Let’s say you are immersed in bad faith litigation and the damages you seek include punitive damages – what kind of punishment-related discovery are you going to want?1 Well, some obvious starting points would be discovery pertaining to other claims involving similarly-situated insureds, the insurer’s net worth, and the bonus/incentive program(s) that the insurer has in place to reward personnel for lowering claim payouts. But do you get to have at that kind of discovery by simply including the phrase “punitive damages” in the WHEREFORE clause of your bad faith complaint? Most Florida courts these days will require you to first clear the hurdles set forth in Section 768.72 of the Florida Statutes; and proffer evidence supportive of your bad faith punitive damage claim before allowing you to conduct punishment-related discovery. This post highlights a decision that, in my opinion, got the punitive damage proffer analysis right – the Royal Marco decision out of the Middle District of Florida.2
The proffer of evidence standard is supposed to be relaxed in favor of the proffering party. Indeed, the Royal Marco court rejected QBE’s “suggestion that the evidence proffered by Royal Marco should be held to the same standards that apply to summary judgment motions,” holding, instead, that the “proffer should be evaluated by standards akin to those governing a motion to dismiss, where the truth of the plaintiff’s allegations are assumed.”
What kind of information, then, is the judge to analyze under this “motion to dismiss” standard? The Royal Marco court determined that it was neither “necessary nor appropriate for a court to make evidentiary rulings, weigh rebuttal evidence, or engage in credibility determinations in considering the sufficiency of the proffer.” Put differently, the court held that “a fact intensive investigation into the merits” of a proffer is unwarranted and that the only consideration is whether the “proffered evidence satisfies [the] preliminary burden of showing a reasonable basis for recovery of punitive damages so as to permit discovery on the issue.” The court added it is only appropriate to consider “assertions” of the non-proffering party that would show the “factual bases to be patently false or irrelevant,” not to consider the admissibility of the proffer evidence or that which is contained in a non-proffering party’s rebuttal proffer.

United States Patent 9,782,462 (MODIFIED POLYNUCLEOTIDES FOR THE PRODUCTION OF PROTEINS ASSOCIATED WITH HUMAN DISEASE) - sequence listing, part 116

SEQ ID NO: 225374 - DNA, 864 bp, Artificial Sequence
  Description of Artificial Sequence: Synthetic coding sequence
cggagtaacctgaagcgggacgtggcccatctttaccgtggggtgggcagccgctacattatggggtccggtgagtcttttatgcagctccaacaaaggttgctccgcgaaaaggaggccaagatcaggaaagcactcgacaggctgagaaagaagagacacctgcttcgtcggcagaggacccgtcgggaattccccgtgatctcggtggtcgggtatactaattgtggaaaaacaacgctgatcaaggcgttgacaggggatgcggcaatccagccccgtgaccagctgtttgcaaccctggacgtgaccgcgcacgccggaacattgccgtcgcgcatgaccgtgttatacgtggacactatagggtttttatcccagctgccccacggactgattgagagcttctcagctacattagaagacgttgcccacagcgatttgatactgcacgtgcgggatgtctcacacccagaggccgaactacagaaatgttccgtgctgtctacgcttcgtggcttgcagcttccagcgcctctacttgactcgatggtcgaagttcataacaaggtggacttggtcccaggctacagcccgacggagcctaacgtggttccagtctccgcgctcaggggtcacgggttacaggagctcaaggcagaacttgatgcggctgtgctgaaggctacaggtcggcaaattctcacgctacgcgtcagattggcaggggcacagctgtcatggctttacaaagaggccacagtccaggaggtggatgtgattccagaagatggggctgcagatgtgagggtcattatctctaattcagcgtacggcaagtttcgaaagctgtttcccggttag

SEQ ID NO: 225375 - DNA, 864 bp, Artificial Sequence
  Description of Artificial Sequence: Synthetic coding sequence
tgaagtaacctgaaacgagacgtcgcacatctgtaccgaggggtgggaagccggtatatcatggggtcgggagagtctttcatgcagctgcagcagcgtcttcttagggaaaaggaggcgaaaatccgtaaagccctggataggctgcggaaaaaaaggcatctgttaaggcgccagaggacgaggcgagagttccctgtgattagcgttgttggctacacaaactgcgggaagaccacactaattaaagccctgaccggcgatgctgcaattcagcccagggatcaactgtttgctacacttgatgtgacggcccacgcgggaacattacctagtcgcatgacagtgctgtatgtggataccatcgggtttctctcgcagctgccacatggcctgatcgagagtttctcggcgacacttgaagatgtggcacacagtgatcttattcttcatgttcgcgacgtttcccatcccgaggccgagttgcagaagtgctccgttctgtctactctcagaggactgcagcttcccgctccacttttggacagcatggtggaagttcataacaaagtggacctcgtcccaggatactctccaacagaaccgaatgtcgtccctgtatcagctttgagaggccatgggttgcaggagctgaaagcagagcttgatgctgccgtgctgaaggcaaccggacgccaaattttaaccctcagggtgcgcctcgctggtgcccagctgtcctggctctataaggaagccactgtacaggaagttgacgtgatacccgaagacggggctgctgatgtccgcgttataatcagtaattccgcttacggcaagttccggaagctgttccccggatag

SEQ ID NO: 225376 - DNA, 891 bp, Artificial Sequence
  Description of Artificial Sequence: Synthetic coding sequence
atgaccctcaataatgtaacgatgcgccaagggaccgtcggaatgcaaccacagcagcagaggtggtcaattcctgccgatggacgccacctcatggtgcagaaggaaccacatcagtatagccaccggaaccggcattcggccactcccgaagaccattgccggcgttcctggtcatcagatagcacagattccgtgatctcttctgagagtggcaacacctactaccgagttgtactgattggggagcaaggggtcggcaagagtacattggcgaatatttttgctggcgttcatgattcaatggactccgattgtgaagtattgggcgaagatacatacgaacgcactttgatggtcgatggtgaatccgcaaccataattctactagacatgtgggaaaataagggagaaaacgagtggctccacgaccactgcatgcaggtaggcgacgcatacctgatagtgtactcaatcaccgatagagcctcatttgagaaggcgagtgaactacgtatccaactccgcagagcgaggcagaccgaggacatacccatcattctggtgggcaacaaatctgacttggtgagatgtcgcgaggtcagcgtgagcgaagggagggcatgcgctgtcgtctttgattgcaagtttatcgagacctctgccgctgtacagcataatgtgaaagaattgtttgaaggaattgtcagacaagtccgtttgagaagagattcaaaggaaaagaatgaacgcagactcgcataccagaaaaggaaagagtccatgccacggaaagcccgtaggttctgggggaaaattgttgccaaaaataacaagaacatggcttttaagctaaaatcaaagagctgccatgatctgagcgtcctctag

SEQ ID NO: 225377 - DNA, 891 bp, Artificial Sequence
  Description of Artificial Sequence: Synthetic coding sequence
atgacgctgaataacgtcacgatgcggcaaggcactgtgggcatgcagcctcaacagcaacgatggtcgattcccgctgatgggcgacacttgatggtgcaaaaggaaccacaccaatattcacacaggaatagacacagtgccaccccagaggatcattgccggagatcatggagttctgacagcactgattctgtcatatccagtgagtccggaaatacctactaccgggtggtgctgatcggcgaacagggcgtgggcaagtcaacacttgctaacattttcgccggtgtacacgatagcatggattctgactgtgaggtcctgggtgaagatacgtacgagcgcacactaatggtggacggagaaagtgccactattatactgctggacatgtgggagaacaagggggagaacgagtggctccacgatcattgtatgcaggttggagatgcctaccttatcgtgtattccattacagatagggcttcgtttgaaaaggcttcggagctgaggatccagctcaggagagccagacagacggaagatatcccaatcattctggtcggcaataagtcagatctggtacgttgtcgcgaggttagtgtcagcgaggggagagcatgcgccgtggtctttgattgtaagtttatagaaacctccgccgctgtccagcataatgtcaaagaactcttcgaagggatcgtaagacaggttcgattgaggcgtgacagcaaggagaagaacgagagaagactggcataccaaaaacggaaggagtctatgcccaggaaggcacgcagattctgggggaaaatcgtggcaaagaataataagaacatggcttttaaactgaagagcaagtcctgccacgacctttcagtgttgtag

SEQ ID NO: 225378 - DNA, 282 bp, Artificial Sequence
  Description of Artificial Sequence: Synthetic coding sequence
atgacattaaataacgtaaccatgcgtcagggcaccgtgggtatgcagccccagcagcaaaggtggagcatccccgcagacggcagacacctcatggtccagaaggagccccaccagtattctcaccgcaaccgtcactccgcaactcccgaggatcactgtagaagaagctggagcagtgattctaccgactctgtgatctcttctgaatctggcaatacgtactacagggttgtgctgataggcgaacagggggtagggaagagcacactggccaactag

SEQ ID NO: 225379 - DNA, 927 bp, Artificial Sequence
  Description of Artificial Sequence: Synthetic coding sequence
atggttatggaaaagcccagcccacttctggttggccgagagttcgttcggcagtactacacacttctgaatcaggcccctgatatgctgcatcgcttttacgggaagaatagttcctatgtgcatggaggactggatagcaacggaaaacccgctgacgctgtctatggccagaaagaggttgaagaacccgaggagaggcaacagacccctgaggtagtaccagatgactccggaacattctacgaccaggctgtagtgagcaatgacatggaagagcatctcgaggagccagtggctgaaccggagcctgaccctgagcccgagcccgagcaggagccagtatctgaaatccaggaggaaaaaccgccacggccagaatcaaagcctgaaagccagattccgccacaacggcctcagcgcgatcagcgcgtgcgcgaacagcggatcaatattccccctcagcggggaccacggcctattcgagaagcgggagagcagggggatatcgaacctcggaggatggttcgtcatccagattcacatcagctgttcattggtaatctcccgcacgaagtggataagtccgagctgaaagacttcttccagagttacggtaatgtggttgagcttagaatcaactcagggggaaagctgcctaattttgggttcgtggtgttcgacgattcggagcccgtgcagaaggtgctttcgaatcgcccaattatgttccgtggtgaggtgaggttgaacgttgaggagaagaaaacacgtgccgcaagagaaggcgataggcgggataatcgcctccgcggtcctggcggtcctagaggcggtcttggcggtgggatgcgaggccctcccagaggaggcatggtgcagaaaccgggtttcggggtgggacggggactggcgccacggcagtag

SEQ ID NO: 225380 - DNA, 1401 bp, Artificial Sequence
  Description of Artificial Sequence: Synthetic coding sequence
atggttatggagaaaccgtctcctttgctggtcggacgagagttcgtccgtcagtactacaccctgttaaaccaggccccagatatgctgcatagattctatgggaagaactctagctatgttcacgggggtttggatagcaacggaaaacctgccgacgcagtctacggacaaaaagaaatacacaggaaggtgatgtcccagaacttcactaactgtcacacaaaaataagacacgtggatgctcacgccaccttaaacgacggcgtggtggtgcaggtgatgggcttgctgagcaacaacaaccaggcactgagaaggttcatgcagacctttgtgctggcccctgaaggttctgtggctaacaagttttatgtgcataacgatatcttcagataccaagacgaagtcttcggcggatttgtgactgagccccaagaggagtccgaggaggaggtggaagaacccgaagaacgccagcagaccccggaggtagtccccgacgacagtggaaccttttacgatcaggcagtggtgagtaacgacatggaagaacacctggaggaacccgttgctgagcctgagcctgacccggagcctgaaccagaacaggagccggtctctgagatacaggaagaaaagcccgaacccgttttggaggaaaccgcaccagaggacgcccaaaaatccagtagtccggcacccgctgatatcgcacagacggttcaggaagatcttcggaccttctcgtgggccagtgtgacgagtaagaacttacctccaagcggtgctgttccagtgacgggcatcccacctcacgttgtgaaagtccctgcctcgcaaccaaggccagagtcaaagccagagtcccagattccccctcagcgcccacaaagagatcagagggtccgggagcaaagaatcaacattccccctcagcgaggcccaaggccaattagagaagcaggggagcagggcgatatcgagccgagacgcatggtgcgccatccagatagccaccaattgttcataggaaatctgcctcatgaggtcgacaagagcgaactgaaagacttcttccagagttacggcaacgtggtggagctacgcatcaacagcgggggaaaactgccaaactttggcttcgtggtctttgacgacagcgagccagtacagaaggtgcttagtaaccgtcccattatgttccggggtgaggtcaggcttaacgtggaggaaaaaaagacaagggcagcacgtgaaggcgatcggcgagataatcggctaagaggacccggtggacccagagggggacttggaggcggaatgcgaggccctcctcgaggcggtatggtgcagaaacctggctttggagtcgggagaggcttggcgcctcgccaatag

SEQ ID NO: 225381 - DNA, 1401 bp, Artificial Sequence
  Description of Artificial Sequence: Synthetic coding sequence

I bet you already know how the Royal Marco decision concluded based on the above holdings, but I will summarize it anyway: Royal Marco’s proffer was deemed sufficient and the court consequently permitted Royal Marco “to engage in other claims discovery as well as net worth, financial incentive, and money-flow discovery.” If you wish to obtain adequate punitive damage discovery (or any punitive damage discovery for that matter), I suggest that you make use of this dynamite proffer of evidence decision.
To read previous posts in my series on dynamite discovery decisions, click here.
1 Note that one very important aim of punishing an insurance company for its improper handling of a particular claim is to deter the carrier from repeating its behavior on prospective claims.
2 Royal Marco Point I Condo. Ass’n Inc. v. QBE Ins. Corp., No. 3:07 CV 16, 2010 WL 2609367 (M.D. Fla. June 30, 2010).